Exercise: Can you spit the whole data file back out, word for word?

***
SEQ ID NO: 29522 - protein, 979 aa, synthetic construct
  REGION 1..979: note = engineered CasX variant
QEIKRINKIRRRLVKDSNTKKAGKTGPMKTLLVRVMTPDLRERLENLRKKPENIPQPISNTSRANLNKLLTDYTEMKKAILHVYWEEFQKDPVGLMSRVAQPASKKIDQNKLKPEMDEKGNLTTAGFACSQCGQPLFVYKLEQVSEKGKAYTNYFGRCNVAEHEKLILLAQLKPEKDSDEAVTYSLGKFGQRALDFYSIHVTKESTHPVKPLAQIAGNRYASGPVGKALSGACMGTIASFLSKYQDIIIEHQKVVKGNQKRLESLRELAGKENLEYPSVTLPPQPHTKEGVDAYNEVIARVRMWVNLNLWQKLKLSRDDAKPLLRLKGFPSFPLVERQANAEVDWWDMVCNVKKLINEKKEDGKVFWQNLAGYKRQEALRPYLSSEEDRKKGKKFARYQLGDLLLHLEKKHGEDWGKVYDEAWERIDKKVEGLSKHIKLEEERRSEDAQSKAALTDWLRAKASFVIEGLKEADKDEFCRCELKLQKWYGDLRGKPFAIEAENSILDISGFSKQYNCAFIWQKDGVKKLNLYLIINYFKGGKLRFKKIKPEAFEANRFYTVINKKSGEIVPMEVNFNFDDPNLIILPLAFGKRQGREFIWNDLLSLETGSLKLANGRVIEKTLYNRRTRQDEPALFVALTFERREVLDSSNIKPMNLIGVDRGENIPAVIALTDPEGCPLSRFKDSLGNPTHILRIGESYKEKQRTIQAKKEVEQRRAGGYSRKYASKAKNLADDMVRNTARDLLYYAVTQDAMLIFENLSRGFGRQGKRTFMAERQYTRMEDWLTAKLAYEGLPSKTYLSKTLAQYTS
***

SEQ ID NO: 29522 - protein, 979 aa, synthetic construct
  REGION 1..979: note = engineered CasX variant
QEIKRINKIRRRLVKDSNTKKAGKTGPMKTLLVRVMTPDLRERLENLRKKPENIPQPISNTSRANLNKLLTDYTEMKKAILHVYWEEFQKDPVGLMSRVAQPASKKIDQNKLKPEMDEKGNLTTAGFACSQCGQPLFVYKLEQVSEKGKAYTNYFGRCNVAEHEKLILLAQLKPEKDSDEAVTYSLGKFGQRALDFYSIHVTKESTHPVKPLAQIAGNRYASGPVGKALSGACMGTIASFLSKYQDIIIEHQKVVKGNQKRLESLRELAGKENLEYPSVTLPPQPHTKEGVDAYNEVIARVRMWVNLNLWQKLKLSRDDAKPLLRLKGFPSFPLVERQANAEVDWWDMVCNVKKLINEKKEDGKVFWQNLAGYKRQEALRPYLSSEEDRKKGKKFARYQLGDLLLHLEKKHGEDWGKVYDEAWERIDKKVEGLSKHIKLEEERRSEDAQSKAALTDWLRAKASFVIEGLKEADKDEFCRCELKLQKWYGDLRGKPFAIEAENSILDISGFSKQYNCAFIWQKDGVKKLNLYLIINYFKGGKLRFKKIKPEAFEANRFYTVINKKSGEIVPMEVNFNFDDPNLIILPLAFGKRQGREFIWNDLLSLETGSLKLANGRVIEKTLYNRRTRQDEPALFVALTFERREVLDSSNIKPMNLIGVDRGENIPAVIALTDPEGCPLSRFKDSLGNPTHILRIGESYKEKQRTIQAKKEVEQRRAGGYSRKYASKAKNLADDMVRNTARDLLYYAVTQDAMLIFENLSRGFGRQGKRTFMAERQYTRMEDWLTAKLAYEGLPSKTYLSKTLAQYTS